On Fish and Chips and Recipe Blogs: Where’s the Fish?
Ordering Fish and Chips is a crap shoot. Will there be fish in there, or just fried batter? Will the fish be flaked fish mixed with mostly filler, or a nice thick fish filet? You have to order to find out. And all too often you have to take your fork and try to peel off greasy, gooey fried batter to find the fish.
That’s what it’s like to click on a link to a recipe blog; you may have to pick off the thick layer of fried batter first. Most recipe pages have a very, very thick layer of stream of consciousness between large photos with a processed recipe in there somewhere at the bottom. And, the recipe is often something they stole from someone else’s site. This happened to one of my clients. I found an image on Pinterest that lead to my client’s writing, copied to a scraper blog without a single mention of my client.
But, good Fish and Chips isn’t a pan seared fish fillet, it is a crispy, battered fish filet. What’s missing too often is balance. What makes Fish and Chips different from a fried bread is the fish. Fried bread is wonderful in all its variations: doughnuts, churros, Indian fry bread, etc, but not when you ordered Fish and Chips. Recipe blogs should have enough text to put the recipe into context … and mostly recipe. On the other hand, food blogs should be about food experiences, or ingredients, or tools or eateries, but with well-researched information.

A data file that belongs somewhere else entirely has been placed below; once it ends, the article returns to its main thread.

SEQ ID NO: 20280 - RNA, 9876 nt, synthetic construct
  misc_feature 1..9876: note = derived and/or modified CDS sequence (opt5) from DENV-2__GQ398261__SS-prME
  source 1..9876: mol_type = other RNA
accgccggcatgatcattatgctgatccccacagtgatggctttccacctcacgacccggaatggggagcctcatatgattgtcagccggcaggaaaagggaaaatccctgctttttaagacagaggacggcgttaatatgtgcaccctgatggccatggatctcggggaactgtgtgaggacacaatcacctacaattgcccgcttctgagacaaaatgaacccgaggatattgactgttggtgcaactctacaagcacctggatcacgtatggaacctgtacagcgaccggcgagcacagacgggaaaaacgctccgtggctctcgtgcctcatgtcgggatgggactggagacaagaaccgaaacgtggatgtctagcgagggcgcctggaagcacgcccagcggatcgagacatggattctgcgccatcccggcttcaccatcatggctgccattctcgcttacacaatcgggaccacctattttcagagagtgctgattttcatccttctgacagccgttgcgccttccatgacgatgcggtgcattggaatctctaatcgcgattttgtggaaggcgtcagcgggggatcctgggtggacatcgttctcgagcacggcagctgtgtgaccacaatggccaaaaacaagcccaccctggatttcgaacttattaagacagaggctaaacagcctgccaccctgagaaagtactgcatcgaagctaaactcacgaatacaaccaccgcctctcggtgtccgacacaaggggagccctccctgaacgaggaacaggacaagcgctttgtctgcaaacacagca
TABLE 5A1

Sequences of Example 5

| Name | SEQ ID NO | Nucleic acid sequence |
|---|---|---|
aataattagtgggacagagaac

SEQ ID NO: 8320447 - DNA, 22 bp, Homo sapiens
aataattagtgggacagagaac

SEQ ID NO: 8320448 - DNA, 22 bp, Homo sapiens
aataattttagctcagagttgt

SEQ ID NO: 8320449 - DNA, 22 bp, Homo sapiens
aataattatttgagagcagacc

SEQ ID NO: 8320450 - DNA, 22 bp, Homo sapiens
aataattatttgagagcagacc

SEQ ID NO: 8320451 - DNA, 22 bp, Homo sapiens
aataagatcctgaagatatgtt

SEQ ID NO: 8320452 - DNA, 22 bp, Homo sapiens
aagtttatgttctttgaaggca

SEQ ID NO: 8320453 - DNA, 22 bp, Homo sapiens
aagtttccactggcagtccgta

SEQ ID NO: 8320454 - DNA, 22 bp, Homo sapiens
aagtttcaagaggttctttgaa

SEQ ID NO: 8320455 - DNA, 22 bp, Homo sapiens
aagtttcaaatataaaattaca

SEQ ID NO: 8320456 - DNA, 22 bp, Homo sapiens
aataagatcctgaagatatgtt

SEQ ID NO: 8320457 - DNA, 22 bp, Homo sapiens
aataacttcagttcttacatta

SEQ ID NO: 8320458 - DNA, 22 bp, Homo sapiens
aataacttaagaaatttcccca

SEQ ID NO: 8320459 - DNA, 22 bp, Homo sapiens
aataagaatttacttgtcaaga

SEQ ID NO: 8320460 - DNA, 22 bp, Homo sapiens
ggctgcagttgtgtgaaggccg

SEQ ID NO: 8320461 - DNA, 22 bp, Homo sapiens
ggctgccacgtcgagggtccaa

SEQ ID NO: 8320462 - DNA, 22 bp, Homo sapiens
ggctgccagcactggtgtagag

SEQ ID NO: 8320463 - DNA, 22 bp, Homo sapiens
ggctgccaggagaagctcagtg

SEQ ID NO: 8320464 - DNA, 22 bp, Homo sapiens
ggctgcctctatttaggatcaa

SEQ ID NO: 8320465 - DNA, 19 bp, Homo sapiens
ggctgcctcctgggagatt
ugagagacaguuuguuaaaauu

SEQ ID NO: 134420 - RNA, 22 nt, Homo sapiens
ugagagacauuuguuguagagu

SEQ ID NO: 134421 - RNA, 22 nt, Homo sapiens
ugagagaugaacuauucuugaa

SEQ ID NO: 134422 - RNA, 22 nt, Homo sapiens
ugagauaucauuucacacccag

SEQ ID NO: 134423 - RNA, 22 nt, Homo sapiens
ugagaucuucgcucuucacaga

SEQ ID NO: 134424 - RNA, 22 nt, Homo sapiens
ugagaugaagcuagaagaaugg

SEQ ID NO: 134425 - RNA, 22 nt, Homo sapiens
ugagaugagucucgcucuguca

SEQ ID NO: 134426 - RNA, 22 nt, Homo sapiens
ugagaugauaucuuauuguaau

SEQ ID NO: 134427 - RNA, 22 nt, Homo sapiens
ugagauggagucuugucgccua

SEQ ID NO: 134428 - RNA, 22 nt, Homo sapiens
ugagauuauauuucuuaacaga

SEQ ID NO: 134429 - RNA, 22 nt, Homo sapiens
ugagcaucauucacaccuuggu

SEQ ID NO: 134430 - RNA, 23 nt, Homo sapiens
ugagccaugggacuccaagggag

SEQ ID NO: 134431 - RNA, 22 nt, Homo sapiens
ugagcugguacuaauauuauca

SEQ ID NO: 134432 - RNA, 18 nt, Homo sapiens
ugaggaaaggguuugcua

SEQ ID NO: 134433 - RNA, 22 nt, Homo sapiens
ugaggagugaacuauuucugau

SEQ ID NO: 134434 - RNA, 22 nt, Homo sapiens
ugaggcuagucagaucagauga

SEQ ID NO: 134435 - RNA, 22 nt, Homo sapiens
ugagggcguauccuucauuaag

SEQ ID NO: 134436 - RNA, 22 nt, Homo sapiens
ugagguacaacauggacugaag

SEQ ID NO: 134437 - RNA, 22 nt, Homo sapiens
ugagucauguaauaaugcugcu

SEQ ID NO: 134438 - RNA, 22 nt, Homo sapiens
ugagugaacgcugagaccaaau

Often the layout of a high quality food blog is the same as the layout of a scraper blog or a just plain poor quality blog. All the time and attention has gone into writing content and gathering images, with little thought to how the viewer uses the page. It’s worth your while to make yours stand out, not only in content, but in layout. Many food blogs and recipe blogs take a lot of scrolling, which is especially a problem on smart phones. Think about how long you like pages to be when you write yours!
A good recipe blog post can be accompanied by links to food posts about the ingredients, about techniques, and other relevant topics. In fact, linking to supplemental ingredient sources, history of the dish, and technique lessons may be exactly what some viewers need. But, don’t make all viewers have to weed through it to get to the recipe. When a viewer is looking for a recipe, they generally need that recipe now. They may have a particular ingredient or combination of ingredients that they want to use in a dish. If you align your recipe blog with their needs, they will be more satisfied with your post.